The Second Essential Thing you Need to Know about the Book of Revelation
Revelation is steeped in the thought and imagery of the Old Testament and is written with the assumption that you will be too. That means that the author is not expecting you to see his quotations and allusions to the Old Testament as “proof texts” but as a complex web of associations which will call up, not just the particular words cited, but the entire context of an image or quote.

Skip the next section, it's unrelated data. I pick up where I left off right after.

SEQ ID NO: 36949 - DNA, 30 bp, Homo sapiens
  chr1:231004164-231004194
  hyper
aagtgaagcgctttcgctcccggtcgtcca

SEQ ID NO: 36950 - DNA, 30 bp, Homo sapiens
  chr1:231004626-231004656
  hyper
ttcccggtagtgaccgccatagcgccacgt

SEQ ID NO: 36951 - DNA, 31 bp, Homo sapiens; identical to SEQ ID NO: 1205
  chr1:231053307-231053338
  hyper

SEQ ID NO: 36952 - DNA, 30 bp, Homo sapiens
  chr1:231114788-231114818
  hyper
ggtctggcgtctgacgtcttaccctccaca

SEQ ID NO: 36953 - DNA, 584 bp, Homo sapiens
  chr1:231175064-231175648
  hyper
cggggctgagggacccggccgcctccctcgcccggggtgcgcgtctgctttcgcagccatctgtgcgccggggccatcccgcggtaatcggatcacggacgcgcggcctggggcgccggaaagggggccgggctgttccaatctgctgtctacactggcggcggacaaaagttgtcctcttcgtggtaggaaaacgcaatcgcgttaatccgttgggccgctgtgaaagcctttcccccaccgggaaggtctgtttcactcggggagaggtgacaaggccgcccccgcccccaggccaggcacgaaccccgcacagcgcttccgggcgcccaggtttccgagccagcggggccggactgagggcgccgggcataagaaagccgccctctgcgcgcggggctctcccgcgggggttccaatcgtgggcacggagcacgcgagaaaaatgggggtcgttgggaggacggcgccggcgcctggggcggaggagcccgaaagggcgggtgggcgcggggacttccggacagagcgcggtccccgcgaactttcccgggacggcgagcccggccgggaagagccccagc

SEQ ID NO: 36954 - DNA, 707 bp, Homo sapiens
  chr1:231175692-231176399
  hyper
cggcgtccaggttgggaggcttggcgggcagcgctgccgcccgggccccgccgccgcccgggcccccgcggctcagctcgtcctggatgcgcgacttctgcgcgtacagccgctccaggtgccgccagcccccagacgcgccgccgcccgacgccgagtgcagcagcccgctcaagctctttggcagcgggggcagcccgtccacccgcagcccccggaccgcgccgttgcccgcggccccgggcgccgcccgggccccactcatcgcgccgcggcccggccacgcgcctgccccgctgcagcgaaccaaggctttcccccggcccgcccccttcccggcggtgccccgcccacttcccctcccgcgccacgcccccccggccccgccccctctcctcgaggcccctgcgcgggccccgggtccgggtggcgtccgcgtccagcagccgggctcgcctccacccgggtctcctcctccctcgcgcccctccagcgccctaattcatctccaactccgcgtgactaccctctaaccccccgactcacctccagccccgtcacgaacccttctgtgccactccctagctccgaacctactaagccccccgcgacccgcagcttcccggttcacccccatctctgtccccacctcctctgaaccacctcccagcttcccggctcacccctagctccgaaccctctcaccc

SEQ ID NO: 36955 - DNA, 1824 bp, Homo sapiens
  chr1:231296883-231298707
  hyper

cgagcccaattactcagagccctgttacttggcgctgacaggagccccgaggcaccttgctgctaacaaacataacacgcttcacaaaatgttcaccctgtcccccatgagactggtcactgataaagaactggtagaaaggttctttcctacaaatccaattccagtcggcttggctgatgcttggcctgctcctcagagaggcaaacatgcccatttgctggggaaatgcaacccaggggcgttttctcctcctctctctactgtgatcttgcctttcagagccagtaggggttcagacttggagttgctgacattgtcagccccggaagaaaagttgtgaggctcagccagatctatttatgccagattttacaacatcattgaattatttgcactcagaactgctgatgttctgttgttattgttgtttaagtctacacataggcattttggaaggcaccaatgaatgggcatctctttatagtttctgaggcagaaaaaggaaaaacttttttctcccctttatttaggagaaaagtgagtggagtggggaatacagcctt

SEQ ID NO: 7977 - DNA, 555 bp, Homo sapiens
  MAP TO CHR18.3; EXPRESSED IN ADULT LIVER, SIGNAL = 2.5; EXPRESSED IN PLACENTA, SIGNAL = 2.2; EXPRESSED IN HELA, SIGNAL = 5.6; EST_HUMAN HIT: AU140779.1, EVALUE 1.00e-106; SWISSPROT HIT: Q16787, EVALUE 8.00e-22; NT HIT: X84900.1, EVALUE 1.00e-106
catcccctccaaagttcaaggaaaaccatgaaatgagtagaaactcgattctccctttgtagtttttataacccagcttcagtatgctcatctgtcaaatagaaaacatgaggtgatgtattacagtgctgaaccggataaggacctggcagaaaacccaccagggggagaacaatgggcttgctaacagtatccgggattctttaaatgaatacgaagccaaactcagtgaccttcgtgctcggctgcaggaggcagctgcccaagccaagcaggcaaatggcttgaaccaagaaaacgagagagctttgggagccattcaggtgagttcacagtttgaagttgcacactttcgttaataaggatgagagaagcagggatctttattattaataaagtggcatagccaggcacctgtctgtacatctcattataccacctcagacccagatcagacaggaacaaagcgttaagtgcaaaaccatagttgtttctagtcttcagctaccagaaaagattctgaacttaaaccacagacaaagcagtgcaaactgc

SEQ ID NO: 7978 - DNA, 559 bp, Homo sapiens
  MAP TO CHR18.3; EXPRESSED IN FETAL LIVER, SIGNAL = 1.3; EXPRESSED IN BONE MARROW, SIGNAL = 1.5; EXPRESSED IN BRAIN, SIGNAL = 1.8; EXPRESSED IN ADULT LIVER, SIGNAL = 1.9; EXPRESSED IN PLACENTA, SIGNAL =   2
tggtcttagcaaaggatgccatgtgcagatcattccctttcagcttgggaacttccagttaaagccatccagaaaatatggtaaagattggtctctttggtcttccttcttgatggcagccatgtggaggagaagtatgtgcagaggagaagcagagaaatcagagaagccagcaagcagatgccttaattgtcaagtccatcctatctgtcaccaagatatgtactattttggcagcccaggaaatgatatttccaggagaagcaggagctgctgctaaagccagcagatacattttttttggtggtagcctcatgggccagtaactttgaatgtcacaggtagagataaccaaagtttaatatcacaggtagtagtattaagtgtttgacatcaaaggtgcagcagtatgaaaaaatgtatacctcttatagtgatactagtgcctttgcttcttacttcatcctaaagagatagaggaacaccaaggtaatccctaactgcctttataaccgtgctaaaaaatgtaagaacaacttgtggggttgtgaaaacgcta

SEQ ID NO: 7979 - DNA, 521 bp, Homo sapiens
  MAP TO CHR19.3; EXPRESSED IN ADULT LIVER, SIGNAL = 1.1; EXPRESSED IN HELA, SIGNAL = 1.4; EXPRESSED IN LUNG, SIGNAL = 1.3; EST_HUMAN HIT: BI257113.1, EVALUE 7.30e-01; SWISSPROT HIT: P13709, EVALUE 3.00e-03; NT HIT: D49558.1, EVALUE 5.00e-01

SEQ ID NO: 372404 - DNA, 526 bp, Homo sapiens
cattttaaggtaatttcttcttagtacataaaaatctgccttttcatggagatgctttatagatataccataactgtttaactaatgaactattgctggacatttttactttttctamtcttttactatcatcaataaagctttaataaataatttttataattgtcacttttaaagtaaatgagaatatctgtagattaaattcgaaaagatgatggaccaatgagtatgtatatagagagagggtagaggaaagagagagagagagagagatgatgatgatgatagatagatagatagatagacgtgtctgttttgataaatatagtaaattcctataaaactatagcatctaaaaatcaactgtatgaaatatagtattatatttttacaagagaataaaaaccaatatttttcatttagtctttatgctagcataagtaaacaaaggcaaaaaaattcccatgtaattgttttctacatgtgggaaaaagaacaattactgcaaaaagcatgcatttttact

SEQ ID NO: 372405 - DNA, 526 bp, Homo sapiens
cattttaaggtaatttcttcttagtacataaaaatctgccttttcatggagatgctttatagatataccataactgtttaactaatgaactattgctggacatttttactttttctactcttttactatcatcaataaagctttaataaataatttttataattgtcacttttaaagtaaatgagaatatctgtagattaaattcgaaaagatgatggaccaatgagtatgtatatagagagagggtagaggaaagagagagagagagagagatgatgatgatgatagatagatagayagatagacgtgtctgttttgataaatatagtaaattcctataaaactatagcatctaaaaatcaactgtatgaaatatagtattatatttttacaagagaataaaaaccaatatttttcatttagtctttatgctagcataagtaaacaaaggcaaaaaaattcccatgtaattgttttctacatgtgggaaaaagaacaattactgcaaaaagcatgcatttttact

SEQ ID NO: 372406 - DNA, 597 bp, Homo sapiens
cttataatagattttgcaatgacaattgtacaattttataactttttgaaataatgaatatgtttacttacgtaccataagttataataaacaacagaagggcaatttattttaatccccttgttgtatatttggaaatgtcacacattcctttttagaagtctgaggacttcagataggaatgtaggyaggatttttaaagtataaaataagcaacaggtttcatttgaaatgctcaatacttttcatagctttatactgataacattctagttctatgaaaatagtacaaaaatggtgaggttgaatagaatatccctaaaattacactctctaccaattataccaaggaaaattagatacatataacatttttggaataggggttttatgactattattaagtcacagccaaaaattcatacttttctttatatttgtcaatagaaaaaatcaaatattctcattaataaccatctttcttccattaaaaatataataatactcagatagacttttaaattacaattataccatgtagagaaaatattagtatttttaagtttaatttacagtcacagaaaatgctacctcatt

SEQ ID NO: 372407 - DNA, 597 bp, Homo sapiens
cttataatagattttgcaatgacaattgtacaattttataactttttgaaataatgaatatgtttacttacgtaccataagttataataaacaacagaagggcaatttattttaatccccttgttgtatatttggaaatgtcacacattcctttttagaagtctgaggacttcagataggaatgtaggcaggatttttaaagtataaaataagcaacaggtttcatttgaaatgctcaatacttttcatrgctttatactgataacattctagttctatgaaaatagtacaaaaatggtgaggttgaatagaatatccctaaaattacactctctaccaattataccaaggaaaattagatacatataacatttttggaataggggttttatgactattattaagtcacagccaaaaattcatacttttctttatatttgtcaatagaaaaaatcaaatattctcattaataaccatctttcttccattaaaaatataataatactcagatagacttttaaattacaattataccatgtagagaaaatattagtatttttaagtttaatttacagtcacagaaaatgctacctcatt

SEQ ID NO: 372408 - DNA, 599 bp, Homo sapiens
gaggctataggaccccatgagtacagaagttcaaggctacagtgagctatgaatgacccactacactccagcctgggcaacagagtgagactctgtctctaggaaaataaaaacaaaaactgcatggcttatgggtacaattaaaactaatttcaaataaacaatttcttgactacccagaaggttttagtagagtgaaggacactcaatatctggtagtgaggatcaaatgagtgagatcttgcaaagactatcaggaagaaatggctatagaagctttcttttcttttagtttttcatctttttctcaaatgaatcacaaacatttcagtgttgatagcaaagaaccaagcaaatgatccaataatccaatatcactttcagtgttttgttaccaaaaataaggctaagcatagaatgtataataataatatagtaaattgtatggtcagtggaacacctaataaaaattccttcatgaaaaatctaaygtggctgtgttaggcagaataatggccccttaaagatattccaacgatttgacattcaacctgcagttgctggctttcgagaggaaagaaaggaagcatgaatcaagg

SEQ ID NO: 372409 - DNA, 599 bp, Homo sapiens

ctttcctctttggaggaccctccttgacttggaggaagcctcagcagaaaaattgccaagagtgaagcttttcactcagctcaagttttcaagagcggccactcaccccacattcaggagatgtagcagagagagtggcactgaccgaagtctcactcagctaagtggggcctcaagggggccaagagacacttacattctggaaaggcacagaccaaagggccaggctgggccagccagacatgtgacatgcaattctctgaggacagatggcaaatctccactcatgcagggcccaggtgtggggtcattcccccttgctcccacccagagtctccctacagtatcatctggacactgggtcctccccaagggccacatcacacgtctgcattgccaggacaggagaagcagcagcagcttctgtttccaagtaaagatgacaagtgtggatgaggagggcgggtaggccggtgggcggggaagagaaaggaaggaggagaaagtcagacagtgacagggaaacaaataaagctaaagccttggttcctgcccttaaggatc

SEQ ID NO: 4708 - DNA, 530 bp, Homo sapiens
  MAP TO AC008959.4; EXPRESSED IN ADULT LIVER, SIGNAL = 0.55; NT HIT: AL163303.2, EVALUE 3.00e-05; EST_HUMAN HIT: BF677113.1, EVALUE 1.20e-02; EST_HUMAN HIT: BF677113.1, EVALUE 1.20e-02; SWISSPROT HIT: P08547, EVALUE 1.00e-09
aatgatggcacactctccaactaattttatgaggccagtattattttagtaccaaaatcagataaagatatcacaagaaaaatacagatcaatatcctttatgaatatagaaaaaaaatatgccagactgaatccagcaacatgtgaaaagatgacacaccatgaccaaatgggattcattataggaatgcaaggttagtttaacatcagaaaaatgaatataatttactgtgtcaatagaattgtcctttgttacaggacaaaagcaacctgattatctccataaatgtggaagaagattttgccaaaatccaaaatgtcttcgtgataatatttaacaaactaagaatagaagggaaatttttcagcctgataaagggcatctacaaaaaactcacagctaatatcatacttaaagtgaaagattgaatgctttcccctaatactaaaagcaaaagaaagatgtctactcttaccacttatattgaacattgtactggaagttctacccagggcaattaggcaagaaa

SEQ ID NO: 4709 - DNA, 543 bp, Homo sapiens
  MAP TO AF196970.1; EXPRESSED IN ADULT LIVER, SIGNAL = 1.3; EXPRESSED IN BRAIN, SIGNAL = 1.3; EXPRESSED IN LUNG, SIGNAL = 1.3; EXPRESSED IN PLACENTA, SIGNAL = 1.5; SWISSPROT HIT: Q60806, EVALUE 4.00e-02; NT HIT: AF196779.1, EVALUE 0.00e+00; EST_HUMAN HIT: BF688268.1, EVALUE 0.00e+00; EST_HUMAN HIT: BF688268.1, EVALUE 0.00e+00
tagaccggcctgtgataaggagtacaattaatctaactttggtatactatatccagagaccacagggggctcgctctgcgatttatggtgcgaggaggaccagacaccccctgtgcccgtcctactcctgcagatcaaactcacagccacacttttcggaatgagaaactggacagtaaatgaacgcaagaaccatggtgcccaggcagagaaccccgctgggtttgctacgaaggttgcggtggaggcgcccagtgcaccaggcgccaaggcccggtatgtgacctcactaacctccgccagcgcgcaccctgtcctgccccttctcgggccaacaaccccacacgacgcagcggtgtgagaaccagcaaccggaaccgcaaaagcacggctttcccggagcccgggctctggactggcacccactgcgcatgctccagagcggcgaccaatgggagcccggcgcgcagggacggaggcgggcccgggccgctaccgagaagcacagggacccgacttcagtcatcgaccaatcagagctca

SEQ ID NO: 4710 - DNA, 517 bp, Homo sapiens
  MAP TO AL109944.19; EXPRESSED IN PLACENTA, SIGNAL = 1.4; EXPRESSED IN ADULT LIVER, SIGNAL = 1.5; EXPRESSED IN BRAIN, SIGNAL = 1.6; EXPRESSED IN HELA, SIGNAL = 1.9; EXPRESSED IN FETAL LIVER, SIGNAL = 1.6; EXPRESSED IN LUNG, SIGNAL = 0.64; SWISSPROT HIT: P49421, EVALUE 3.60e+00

Think of it this way. Suppose, in speaking of the odious Dennis Kucinich, I mention that he is “Saruman” or that he is trying to grasp the Ring. I’m not just expecting you to look for a single line out of the Lord of the Rings. I’m expecting you to know all about this once faithful Saruman who sold his soul in order to grasp at power and then to be able to apply that image to Kucinich. Similarly, New Testament writers (and nobody more than St. John the Divine) are expecting you to know the entire context of their allusions to the Old Testament (and to the events of the gospel) so as to apply those contexts to the visions recorded in Revelation. That means that paying attention to the cross references and their full contexts in the Old Testament is not an option. If you aren’t willing to do that, you will not understand what Revelation is getting at.